The seven deaths of Evelyn Hardcastle | Stuart Turton

Two-thirds of the way through (exactly 66.6% I noticed, make of that what you will) my library ebook deleted itself without warning. The loan period had expired, and I was going to have wait 4 weeks to get to finish it. Frankly I was relieved. I’d doggedly stuck with it, hoping that it all might start to make sense, but after 300 repetitious pages of unrelenting time-loopy but oddly dull peril that hope had all but vanished. There’s just no thread to hold on to, and pity my simplicity but I do like a thread.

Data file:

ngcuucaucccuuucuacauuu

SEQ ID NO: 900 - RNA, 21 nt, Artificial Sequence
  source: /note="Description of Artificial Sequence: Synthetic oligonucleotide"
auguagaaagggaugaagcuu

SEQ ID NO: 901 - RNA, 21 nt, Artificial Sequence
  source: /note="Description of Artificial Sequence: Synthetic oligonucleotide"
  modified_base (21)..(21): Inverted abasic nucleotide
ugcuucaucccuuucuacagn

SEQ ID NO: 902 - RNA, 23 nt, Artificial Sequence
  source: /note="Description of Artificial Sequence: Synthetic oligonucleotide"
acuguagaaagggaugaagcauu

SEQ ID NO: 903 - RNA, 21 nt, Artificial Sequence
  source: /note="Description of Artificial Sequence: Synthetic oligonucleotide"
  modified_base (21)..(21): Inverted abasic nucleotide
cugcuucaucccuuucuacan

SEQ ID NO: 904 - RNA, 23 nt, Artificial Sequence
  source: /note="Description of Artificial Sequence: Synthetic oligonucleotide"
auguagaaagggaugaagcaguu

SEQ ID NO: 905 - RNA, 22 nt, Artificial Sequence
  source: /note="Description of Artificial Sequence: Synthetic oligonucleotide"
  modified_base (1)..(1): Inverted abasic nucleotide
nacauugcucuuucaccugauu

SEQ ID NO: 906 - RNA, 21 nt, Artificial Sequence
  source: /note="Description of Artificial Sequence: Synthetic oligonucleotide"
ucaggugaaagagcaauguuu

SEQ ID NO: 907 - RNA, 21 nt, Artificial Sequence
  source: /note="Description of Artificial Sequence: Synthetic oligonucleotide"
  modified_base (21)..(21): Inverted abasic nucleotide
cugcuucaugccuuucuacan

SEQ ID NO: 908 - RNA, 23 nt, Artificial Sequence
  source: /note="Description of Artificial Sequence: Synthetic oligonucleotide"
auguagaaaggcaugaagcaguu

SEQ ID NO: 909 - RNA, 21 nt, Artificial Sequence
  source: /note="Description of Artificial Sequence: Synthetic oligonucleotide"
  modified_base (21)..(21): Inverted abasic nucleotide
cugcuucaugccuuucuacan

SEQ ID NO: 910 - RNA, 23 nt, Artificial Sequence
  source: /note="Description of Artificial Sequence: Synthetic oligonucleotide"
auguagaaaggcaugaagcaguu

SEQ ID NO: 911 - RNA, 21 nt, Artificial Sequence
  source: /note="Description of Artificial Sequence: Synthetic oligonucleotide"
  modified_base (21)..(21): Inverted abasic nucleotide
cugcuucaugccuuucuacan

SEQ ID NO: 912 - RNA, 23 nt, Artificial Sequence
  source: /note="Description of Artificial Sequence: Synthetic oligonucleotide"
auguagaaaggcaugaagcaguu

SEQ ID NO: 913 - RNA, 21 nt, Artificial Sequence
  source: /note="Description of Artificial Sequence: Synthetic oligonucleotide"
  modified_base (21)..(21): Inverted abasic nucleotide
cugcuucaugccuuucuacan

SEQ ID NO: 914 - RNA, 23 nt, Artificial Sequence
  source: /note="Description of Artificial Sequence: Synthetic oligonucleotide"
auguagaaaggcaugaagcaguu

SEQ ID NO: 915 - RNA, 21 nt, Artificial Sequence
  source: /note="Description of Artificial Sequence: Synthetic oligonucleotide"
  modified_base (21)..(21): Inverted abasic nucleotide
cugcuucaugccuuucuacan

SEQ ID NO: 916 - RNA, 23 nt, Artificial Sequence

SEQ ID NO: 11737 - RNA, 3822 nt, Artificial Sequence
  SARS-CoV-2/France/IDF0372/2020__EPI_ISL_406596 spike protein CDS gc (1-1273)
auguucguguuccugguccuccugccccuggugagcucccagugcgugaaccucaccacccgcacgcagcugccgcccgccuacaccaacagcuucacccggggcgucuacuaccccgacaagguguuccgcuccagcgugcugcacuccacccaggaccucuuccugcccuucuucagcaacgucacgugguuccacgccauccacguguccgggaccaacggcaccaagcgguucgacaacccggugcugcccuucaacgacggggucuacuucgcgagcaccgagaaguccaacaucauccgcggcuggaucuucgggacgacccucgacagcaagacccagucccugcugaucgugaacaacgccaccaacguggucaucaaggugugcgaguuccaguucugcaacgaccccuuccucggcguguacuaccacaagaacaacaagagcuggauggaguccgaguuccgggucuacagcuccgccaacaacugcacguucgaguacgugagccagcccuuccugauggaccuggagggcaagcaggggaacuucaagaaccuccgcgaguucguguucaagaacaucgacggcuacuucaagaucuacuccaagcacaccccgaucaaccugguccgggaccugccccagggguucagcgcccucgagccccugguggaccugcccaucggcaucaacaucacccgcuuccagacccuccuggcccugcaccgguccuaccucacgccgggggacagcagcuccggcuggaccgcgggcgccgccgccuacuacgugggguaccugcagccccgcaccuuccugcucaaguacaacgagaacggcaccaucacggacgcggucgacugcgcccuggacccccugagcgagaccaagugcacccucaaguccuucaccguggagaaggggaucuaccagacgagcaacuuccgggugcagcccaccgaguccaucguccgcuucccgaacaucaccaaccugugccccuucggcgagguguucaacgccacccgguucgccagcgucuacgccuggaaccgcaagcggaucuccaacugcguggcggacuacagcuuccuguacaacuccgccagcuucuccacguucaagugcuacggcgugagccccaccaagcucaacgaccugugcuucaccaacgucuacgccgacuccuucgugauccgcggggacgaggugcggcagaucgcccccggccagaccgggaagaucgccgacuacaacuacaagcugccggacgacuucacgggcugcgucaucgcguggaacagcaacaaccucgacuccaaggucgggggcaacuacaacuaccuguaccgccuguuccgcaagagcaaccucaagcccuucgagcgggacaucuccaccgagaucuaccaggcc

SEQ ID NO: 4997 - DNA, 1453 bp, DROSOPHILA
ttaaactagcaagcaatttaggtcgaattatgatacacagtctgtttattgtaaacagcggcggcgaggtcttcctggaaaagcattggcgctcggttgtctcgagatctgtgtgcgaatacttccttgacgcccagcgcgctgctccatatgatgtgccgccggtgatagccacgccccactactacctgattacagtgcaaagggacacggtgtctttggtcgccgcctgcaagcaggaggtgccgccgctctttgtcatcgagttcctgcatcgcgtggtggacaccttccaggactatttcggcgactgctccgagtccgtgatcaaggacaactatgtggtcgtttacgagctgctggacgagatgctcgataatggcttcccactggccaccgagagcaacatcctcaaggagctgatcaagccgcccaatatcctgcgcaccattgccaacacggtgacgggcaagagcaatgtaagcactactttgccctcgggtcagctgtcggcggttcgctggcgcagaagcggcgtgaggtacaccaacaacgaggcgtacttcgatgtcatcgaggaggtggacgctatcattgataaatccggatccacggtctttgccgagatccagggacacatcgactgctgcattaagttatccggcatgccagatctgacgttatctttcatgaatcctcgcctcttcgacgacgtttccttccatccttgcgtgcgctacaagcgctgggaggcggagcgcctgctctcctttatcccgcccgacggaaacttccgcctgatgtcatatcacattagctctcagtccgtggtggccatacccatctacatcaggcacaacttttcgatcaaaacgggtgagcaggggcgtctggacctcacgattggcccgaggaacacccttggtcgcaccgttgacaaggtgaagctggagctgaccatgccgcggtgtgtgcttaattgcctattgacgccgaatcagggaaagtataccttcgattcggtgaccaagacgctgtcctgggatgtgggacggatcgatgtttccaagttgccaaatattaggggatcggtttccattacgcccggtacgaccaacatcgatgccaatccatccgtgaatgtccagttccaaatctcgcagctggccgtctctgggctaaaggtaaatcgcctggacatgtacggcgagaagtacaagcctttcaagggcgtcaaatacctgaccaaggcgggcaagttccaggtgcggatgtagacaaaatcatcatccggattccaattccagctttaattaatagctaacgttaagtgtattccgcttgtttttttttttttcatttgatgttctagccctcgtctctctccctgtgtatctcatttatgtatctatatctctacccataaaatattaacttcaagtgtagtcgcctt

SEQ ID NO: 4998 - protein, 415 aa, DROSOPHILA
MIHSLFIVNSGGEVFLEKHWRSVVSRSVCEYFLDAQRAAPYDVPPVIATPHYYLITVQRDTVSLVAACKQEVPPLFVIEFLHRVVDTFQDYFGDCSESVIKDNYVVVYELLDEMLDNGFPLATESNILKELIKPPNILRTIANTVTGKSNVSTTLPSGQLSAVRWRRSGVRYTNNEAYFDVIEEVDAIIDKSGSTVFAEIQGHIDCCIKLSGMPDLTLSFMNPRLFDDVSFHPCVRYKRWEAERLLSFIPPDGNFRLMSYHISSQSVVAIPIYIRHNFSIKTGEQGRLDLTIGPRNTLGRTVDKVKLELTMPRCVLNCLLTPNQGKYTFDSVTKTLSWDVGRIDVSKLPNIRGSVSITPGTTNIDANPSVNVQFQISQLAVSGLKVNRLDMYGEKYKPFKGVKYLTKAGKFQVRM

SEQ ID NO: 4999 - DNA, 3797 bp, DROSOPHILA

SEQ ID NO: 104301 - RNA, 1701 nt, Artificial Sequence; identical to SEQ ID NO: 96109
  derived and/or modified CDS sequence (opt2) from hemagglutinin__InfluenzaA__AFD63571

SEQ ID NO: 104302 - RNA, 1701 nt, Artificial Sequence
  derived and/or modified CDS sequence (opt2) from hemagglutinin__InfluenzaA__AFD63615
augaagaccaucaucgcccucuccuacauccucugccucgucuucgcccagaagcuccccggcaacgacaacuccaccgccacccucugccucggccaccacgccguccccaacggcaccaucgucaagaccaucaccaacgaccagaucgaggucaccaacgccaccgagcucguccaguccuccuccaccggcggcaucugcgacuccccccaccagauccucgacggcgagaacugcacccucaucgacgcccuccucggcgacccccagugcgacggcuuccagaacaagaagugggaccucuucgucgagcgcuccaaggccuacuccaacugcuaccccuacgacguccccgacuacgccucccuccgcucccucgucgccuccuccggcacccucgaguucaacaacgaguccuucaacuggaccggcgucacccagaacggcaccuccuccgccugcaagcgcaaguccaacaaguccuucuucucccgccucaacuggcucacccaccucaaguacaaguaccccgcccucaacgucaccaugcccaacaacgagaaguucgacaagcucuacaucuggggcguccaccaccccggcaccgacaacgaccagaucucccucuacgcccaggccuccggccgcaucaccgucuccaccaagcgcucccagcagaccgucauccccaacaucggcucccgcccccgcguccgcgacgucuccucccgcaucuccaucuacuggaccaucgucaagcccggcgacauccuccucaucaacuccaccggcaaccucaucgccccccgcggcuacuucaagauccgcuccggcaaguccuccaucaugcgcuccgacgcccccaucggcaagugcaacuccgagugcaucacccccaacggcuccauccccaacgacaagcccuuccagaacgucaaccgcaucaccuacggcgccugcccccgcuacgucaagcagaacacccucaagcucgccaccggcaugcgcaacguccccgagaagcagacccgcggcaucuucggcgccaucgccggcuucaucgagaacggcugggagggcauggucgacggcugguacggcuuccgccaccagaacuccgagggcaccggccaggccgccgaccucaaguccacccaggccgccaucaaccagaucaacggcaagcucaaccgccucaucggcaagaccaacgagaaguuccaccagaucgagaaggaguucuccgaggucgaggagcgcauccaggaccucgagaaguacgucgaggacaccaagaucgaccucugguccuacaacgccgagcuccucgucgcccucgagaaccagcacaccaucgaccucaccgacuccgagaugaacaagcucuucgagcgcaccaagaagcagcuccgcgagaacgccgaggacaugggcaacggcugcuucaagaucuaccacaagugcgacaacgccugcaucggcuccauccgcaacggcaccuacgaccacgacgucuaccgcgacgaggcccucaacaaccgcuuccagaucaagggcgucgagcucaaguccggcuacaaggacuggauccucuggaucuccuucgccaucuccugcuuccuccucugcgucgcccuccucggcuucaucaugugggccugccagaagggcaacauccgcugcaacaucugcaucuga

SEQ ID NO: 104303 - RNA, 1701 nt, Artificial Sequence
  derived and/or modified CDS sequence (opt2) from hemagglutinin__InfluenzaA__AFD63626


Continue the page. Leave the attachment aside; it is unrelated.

The seven deaths of Evelyn Hardcastle is another of those vogueish sprawling vaguely supernatural mysteries like The end of Mr Y, which I loathed, with all sorts of clever stuff about recursive time and unstable identities, which sounds quite appealing in theory but which is totally unengaging emotionally and is just gruelling and repetitive, no matter how tightly plotted. I don’t give marks for tight plotting; it’s like having a tidy desk or a good filing system. And there’s a huge fundamental flaw for me – why would I care about someone being killed if they’re always alive and well again the next day? So an accidental DNF, and thank you to Kent Libraries for not sending me a renewal reminder.